Nachhaltigkeit. Wir meinen es ernst.

Inflation: Is the party over?

market snapshot

19 January 2024 |
Inflation data did a good job of ruining the mood this week, with reads in both the US and Europe undermining hopes of a speedy about-turn in central bank monetary policy.

Fast reading

  • US and UK inflation data pour cold water on rate-cut optimists.
  • Market begins to track back from expectations of six cuts in 2024.
  • Japan’s Nikkei in reach of slaying its 38-year bubble-era dragon.

Like an unwanted party guest, US nominal CPI spiked to a hotter-than-expected 3.4% y/y increase in December, compared with 3.1% in November and consensus expectations for a modest gain of 3.2%.

UK inflation data also gate-crashed the party, rising for the first time in 10 months in the final month of 2023, driven by increases in alcohol and tobacco prices and exceeding economists’ 3.8% consensus forecasts.

European Central Bank president Christine Lagarde later added a midweek warning that that borrowing costs would come down in the summer rather than spring.

Both equities and bond yields faded in response, with the S&P 500 losing as much as 1.7% from its previous-week peak. The FTSE 100 followed suit, losing 1.1% midweek following Lagarde’s comments.1 

For Phil Orlando, Chief Equity Market Strategist at Federated Hermes, the latest news on inflation plays into a theme of equity market cooling following a strong finish at the end of Q4.

“The S&P 500 enjoyed a powerful 16.8% rally over a nine-week period into year-end 2023 – making for its longest winning streak since 2004,” he says. “But the start to the New Year has been difficult, with negative readings on both the Santa Claus Rally indicator (down 0.88%) and our Early January Barometer indicator (down 0.13%).”

Post-December relative returns (%)

VIX - volatility revisited

Orlando maintains his forecast of a choppy and volatile 2024 with US rate cuts towards the back of 2024 in the wake of slowing growth.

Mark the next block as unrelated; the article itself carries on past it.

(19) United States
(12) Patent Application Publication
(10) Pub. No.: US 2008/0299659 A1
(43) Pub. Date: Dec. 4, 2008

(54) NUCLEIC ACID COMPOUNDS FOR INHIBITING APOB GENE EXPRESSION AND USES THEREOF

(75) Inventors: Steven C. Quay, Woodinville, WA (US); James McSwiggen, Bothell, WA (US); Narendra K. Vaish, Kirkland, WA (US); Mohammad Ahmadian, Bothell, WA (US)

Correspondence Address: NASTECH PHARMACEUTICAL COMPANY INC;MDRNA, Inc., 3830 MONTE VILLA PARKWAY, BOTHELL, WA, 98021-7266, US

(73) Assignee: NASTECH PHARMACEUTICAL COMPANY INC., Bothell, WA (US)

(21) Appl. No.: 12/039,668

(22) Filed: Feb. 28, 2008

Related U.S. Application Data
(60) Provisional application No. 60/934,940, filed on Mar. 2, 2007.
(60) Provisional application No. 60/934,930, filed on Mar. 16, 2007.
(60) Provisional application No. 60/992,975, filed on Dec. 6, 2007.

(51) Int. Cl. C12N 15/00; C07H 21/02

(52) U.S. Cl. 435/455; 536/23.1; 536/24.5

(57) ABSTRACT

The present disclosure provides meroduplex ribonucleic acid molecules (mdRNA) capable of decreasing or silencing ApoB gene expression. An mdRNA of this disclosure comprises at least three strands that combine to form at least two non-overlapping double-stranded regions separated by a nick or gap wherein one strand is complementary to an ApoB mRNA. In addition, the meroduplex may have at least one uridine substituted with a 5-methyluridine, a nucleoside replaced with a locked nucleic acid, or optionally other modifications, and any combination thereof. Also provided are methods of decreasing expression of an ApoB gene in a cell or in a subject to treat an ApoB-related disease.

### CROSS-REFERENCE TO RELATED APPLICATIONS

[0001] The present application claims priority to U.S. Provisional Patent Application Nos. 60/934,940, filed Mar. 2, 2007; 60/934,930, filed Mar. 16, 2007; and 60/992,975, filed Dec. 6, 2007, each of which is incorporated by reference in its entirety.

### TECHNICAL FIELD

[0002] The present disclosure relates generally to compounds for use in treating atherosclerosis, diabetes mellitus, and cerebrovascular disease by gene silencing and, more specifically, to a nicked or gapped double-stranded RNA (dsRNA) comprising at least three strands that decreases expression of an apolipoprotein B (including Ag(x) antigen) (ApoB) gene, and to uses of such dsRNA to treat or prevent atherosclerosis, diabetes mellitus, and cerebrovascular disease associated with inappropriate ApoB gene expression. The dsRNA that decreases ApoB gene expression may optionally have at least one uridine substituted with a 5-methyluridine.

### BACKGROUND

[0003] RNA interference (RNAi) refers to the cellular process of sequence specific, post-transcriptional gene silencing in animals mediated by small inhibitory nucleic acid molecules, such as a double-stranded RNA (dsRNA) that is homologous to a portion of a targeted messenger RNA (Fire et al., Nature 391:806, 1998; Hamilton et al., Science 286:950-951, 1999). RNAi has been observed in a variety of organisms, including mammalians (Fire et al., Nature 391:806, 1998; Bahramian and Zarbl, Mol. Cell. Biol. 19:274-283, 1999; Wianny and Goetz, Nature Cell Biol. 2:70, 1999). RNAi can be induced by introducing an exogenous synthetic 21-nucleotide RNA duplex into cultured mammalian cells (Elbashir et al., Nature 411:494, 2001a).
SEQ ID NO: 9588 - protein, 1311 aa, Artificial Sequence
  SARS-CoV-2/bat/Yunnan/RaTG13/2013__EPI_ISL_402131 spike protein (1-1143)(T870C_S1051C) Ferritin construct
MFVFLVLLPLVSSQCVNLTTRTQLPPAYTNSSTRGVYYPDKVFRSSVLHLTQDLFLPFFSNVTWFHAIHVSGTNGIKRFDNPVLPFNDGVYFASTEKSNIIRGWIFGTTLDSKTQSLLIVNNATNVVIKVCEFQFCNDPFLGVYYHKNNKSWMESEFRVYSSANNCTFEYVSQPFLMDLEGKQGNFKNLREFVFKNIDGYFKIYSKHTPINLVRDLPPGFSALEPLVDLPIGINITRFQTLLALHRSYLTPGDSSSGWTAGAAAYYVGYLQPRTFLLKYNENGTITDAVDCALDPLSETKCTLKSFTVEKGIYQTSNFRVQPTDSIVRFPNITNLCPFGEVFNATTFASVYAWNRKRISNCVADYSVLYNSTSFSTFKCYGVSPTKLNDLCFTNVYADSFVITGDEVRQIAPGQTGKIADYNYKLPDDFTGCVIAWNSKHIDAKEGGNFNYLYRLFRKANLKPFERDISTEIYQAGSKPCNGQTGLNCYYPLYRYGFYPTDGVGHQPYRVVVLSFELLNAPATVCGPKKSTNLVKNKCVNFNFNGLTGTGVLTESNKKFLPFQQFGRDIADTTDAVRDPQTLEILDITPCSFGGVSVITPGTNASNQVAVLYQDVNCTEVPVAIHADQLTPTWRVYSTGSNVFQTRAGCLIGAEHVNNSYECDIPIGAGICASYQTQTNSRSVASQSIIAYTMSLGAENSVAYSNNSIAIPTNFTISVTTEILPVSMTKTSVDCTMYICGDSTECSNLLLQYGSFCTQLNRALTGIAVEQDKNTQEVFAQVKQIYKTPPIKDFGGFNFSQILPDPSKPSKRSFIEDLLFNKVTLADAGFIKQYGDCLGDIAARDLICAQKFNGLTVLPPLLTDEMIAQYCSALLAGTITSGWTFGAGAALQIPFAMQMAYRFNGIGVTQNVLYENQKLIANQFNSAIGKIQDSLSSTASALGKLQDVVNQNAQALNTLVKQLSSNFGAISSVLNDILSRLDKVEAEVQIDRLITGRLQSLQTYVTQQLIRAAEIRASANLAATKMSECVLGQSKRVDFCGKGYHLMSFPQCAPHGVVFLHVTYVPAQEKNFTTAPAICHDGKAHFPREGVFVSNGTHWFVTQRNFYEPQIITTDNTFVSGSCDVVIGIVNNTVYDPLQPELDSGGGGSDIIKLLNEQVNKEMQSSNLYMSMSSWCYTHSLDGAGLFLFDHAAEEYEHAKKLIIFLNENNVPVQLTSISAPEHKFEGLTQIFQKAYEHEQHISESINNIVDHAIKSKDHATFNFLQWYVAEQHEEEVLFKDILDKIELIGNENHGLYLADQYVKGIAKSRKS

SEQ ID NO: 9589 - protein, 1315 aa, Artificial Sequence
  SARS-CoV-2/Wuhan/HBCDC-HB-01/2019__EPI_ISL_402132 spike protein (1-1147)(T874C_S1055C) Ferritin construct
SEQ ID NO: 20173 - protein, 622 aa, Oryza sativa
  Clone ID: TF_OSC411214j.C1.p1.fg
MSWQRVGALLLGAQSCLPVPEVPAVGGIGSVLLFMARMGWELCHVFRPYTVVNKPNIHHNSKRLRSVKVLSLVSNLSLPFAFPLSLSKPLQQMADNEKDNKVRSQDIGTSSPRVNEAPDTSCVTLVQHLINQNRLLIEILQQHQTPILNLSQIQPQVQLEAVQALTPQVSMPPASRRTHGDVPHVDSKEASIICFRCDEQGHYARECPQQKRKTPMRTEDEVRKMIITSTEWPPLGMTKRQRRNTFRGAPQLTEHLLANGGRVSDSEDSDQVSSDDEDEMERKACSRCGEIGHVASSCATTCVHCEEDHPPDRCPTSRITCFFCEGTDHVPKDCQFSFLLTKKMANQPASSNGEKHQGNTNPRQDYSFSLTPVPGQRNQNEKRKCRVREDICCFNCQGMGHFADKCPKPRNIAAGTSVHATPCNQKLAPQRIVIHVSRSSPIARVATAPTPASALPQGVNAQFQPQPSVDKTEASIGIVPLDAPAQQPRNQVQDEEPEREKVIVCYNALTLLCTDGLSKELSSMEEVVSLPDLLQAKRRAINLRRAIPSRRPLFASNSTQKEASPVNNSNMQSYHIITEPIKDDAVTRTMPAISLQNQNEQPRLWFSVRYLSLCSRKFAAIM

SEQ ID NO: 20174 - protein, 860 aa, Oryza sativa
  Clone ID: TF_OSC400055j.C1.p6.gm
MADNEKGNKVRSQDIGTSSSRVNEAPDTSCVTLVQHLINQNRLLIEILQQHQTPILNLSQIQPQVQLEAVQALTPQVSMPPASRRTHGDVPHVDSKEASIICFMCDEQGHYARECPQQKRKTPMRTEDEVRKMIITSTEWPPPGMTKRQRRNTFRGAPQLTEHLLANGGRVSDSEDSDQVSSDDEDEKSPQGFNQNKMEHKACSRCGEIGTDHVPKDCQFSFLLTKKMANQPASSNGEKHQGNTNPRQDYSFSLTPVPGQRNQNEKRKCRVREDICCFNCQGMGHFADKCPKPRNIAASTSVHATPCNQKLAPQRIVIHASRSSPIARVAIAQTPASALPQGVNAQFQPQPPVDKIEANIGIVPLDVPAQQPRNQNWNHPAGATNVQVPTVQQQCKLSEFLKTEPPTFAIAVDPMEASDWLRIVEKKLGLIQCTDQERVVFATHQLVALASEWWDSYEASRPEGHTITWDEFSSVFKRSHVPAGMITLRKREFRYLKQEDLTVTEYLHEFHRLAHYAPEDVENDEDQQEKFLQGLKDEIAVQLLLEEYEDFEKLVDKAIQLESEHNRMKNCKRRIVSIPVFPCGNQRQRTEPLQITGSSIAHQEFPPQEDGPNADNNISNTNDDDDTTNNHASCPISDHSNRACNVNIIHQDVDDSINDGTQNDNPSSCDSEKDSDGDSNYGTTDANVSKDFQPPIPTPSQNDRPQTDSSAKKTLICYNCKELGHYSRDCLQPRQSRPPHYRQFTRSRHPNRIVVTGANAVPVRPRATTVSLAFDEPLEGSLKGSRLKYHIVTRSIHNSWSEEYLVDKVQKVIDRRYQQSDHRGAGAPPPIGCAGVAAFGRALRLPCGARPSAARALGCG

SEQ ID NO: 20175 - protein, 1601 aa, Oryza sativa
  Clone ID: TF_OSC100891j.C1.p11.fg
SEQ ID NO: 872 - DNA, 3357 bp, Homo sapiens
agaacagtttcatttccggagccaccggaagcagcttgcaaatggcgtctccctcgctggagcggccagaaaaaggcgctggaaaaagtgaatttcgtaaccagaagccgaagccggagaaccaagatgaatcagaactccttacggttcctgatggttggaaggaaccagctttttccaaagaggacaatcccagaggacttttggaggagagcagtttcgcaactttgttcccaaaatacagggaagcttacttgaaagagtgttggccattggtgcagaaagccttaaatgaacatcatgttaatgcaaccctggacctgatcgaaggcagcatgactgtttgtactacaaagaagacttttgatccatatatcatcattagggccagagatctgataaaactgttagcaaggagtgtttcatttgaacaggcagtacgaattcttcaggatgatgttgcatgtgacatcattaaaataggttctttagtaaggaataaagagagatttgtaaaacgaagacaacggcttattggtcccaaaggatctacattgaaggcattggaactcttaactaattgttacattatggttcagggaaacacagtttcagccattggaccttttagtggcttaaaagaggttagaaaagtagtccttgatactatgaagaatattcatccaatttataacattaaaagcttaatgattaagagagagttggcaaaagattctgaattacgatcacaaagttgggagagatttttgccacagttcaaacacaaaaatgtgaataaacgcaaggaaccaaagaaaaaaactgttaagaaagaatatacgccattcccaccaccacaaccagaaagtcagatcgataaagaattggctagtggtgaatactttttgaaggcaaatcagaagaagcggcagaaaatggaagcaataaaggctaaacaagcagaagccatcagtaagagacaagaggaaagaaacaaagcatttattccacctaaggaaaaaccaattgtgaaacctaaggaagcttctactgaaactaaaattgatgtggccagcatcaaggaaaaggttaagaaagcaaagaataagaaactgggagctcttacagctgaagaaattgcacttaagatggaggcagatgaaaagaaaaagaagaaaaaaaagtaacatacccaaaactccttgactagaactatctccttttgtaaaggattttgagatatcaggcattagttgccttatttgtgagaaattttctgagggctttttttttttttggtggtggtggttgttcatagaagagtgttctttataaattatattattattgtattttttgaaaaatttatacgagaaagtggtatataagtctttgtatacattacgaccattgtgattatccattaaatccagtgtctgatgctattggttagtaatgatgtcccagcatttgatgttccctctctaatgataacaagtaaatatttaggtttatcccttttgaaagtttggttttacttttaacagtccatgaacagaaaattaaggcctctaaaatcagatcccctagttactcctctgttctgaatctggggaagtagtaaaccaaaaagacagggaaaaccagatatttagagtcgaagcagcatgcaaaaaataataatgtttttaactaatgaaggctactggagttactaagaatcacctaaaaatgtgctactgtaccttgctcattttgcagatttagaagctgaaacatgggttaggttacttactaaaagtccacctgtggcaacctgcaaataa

However, this comes with a note of caution about the more upbeat expectations in some corners of the market. “The Fed has said repeatedly that it will be patient and vigilant regarding inflation,” he warns. “In our view, the market is overly optimistic that the Fed will cut interest rates six times this year, with the first coming in March.”

It's been a long time

Elsewhere, the big news for the week was Japan’s Nikkei benchmark finally coming within touching distance of its 1988 all-time high of 38,915 at the peak of the Showa-era bubble economy. With a 6% surge year to date, it has already surpassed 35,000 – a level not seen since the first quarter in 1990.

The Nikkei's return

Geir Lode, Head of Global Equities at Federated Hermes Limited, notes this surge has been helped by foreign investors allocating capital to the Japanese market even as analysts forecast a modest level of economic growth. Here, slowing domestic demand and weakening exports will play a part, as will Japan’s continued demographic headwinds.

“However, leading indicators predict Japan’s long battle with negative interest may turn in April,“ says Lode, “and this is creating a supportive environment for Japanese companies to rally.”

He concludes: “A cocktail of bullish investor sentiment towards Japan, a shift towards positive interest rates, and attractive valuations makes Japanese stocks attractive.”

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